Normative Signs: The Poetry of "Ought"

In which the author finds beauty in how people tell other people what to do.

The Reward for Carelessness

Peggys_CoveThe reward for carelessness? Injury and death. In this case, it’s no exaggeration. This photo was taken at Peggy’s Cove Lighthouse, in Nova Scotia. And people have been swept out to sea by the waves, here, and perished.

But the wording of the sign is so lovely. Read it out loud. You almost can’t avoid saying it in whatever you conceive to be the stereotypical sea captain’s voice.

Thanks to Brandon for the photo.

Normative Signs to Disobey

tea_specialistI usually stick to original content, but this is too good not to share: Rules Just Begging to be Broken

No Diving. Seriously.

No_divingI’m amused by normative signs that include graphic depictions of serious physical injury. I guess they’re intended to be persuasive by means of the scare factor. But I find them amusing.

This one is from a swimming pool — a uniformly shallow swimming pool — at a hotel in Niagara Falls, Ontario.

Do Not Block My Words

do_not_blockThis message is written on a garage door in Toronto.

Hard to tell if it’s a hand-written normative sign over graffiti, or the other way around. But I walk by it regularly, and I kind of love it. I believe the home-owner has written over the graffiti. But I love that the owner’s message is only barely more “official” looking than the graffiti. The net result is art.

Is this a normative palimpsest? Or a pentimento?


A Sign for Dogs? “Do Not Drink”

reclaimed_water_3This was taken at Peet’s Coffee, in Cotati, CA. Does the person who posted this sign have a sense of humour, perhaps? Or does he or she truly worry about patrons drinking from the toilet? Is this establishment frequented by dogs who can read?

(A further alternative, I suppose: is the posting of such a sign an overly literal application of a regulation of some sort stating that any reclaimed water needs to be “labeled”?)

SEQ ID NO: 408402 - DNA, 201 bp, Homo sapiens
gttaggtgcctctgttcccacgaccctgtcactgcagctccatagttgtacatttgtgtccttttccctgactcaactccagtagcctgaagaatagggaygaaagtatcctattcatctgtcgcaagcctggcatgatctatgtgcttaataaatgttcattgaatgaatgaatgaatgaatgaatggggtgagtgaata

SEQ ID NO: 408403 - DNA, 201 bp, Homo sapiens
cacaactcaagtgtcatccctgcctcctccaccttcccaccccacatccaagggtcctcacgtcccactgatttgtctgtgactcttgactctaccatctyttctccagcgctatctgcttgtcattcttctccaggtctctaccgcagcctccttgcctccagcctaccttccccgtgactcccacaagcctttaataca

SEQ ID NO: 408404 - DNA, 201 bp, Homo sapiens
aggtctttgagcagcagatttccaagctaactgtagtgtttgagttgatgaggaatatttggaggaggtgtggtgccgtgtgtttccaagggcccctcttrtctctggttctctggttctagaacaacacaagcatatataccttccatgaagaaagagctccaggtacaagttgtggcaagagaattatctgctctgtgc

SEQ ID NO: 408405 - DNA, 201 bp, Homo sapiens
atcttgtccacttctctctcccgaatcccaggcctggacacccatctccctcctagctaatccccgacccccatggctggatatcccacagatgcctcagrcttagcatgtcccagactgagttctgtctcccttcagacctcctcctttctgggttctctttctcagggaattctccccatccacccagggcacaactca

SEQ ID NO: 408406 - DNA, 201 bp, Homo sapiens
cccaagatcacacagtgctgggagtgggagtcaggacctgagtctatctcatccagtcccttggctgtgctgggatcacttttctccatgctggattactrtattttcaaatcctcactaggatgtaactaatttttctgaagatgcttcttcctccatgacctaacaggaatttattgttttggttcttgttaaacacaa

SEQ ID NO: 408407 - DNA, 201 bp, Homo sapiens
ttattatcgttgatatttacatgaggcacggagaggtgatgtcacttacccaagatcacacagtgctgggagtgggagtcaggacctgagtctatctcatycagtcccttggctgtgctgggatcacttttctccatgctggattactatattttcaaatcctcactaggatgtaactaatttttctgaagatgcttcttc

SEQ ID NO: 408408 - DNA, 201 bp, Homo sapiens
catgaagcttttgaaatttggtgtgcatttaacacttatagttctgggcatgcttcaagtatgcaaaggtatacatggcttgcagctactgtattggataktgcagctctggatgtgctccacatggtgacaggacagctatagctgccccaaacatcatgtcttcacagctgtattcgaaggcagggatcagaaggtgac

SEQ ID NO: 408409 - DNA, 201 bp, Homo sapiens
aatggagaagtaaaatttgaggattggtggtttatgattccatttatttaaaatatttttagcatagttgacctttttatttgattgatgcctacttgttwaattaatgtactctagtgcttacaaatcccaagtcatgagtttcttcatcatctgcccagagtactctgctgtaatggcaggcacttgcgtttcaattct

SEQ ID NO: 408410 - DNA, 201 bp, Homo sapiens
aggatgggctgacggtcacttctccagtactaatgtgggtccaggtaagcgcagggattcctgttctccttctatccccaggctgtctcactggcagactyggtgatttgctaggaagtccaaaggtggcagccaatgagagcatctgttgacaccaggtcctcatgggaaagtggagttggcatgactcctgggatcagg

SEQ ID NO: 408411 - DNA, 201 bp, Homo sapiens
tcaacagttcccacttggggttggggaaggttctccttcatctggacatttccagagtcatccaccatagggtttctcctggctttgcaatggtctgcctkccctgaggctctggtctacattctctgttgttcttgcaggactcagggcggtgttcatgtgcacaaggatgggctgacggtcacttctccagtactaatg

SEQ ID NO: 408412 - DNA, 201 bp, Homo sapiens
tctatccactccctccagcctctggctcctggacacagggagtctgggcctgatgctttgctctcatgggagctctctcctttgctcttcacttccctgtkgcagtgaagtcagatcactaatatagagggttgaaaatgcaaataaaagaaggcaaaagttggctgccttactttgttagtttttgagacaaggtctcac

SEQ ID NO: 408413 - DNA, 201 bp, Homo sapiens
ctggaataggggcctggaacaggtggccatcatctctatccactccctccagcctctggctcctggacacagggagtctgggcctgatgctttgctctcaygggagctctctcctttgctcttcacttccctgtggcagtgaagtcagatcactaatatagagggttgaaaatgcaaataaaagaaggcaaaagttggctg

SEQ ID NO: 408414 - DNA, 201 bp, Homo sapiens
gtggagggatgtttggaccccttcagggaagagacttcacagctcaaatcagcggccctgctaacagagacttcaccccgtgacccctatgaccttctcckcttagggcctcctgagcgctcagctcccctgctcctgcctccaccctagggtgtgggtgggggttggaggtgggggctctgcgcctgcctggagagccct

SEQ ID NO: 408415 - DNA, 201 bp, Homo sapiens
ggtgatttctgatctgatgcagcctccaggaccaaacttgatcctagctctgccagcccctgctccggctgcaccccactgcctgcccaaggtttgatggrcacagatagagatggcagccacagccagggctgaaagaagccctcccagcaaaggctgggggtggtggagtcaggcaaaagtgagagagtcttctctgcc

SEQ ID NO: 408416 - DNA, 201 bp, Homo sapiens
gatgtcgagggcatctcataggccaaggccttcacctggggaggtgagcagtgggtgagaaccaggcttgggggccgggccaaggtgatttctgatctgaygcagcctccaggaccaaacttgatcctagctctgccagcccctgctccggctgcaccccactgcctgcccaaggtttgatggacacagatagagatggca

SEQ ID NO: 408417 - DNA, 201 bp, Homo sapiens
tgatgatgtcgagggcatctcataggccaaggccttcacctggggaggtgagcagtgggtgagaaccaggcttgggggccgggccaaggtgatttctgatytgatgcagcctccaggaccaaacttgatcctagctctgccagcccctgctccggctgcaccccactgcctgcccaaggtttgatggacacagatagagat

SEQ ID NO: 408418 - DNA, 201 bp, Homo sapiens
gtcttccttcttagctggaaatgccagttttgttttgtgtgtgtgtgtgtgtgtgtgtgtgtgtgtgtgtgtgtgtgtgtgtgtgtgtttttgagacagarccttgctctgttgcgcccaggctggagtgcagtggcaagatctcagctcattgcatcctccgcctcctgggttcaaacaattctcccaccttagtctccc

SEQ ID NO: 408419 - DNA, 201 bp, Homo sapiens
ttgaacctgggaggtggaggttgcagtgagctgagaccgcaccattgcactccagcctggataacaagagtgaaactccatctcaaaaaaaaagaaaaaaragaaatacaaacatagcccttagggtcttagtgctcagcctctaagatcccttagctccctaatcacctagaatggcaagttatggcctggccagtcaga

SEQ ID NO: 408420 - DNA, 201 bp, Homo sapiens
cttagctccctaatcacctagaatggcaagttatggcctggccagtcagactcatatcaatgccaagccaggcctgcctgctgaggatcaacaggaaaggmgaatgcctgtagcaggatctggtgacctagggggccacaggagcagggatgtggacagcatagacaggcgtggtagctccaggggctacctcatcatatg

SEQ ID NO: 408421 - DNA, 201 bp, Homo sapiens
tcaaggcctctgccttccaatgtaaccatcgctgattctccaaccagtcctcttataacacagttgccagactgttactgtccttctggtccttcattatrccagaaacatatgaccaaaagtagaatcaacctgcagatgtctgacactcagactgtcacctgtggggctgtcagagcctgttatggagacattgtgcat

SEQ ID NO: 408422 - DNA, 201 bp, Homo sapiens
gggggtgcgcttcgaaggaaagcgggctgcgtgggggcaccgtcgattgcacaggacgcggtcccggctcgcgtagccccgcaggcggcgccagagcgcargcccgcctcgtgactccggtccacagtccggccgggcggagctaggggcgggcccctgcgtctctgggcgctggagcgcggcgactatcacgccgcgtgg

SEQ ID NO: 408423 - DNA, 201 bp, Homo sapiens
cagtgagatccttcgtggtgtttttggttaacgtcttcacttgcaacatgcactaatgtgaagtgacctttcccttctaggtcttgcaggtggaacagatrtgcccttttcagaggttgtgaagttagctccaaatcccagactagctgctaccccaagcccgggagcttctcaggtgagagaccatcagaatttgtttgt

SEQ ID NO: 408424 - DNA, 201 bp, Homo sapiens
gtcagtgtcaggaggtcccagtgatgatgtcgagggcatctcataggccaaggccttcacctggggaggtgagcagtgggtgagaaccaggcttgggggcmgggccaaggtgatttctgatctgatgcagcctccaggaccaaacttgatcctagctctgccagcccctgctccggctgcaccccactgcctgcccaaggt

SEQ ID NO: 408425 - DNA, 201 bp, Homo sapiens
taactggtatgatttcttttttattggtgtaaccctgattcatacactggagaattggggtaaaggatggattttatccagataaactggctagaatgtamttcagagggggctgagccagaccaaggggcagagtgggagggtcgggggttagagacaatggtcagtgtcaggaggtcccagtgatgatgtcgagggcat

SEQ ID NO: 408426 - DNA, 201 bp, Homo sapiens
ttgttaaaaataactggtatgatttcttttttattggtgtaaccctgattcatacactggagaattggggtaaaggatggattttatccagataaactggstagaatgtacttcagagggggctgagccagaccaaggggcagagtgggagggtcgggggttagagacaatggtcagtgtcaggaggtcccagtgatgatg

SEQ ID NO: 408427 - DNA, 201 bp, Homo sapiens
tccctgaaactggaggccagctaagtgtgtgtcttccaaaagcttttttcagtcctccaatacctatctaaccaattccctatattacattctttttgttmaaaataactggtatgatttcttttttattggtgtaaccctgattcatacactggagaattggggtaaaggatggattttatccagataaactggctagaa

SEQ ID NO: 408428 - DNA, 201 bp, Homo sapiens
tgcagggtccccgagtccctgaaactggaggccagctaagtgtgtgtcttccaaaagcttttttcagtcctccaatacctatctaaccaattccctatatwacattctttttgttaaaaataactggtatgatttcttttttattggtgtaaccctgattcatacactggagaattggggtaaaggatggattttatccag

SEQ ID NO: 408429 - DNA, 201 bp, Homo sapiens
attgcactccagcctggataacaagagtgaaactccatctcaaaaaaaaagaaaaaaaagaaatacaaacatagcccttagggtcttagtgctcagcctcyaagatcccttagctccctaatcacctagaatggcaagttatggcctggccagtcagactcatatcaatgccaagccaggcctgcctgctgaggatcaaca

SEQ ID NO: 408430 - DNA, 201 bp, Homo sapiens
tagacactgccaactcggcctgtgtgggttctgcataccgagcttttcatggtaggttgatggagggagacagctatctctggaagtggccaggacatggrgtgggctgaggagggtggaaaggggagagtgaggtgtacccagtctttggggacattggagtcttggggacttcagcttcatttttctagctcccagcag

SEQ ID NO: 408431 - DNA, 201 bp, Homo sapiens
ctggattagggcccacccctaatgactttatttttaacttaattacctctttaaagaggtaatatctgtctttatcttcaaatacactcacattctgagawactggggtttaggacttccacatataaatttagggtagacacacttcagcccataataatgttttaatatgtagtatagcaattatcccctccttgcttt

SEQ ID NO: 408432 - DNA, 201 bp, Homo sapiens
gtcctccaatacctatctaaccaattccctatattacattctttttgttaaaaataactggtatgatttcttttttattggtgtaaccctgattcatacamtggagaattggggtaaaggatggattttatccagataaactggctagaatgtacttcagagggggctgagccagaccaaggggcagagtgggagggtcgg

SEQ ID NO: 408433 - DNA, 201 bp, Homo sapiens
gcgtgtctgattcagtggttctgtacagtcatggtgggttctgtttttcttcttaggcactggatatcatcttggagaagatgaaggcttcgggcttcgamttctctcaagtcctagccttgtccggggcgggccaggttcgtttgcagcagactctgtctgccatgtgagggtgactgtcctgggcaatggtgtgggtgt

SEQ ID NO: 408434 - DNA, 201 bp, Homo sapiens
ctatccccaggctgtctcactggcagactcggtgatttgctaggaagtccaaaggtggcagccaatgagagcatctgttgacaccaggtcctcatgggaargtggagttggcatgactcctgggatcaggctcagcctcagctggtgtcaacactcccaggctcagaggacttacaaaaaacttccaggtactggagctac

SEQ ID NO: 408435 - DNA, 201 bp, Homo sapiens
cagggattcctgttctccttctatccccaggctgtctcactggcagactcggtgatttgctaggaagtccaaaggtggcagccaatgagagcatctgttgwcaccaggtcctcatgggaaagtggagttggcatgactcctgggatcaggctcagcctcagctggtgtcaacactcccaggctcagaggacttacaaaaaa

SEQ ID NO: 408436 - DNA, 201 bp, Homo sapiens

The picture is by Rich Way, via Thea Smith.

reclaimed water

Good advice 43 floors up

Tie-off-2File this one under “obviously good advice.” This sign is posted at a construction site, 43 floors above the streets of Toronto.

Rather amusing that the specifics — 100% tie off beyond fence — are written so small as to be practically a footnote.

Thanks to Eric Fruhauf for the photo.

Please Do Not Flush…

no_flushingThis one comes to us from the hallowed halls of McGill University.

It is unclear just how official this sign is, but how emphatic it is is less unclear.

The point it makes is no matter of mere manners: it’s a serious pragmatic point about the frailty of plumbing systems (especially, I dare say, at a venerable institution like McGill, where a lot of the buildings are well past their ‘best-before’ date.) But I wonder how much of that serious point is undercut by the jokey reference to not flushing the NY Times?

Thanks to Prof. Jacob Levy for sending the picture.

Do Not Freeze

do_not_freezeThis one is more of an instruction than a normative sign, but its content reflects good advice given the low temperatures here in Toronto today, so I’m posting it.

Thanks to my former student, the mystery man known as “C”, for sending me the picture.

Taxis and Normative Density

taxiTaxis are (increasingly?) an example of what I like to call a “normatively rich” or “normatively dense” environment. In other words, they have lots of rules, and lots of signs to make you aware of those rules. This is perhaps not surprising. Taxis are semi-public spaces, often owned by a company, driven by a driver under contract, and ridden in by a constant stream of random strangers. You’re going to need some rules. Uber, of course, may disagree.

The picture here was taken inside a taxi in Palm Beach, FL.

I do love the range of normative injunctions, here. Buckle up (presumably for safety). No eating (presumably to keep the cab clean). And no drugs (presumably a question of law).

No Foul Play

foul_play_poolI’ve generally avoided signs that make fun of poor translation into English by people in non-English-speaking countries. But this one — posted at an apartment building in Dubai — is pretty fun. You’ve got to admit, the injunction against “foul play” is intriguing. OK, yes, it’s likely just a translation error. They’re thinking of “rough play” or roughhousing. But still.

Of course, they probably DO want to forbid violent crime. But if so then it’s odd to bury it in between a rule forbidding food and drink in the pool area and one saying that kids under 12 need to be accompanied by an adult. Someone might miss it, in the heat of the moment.

Thanks to Christopher Yorke for sending me the photo.


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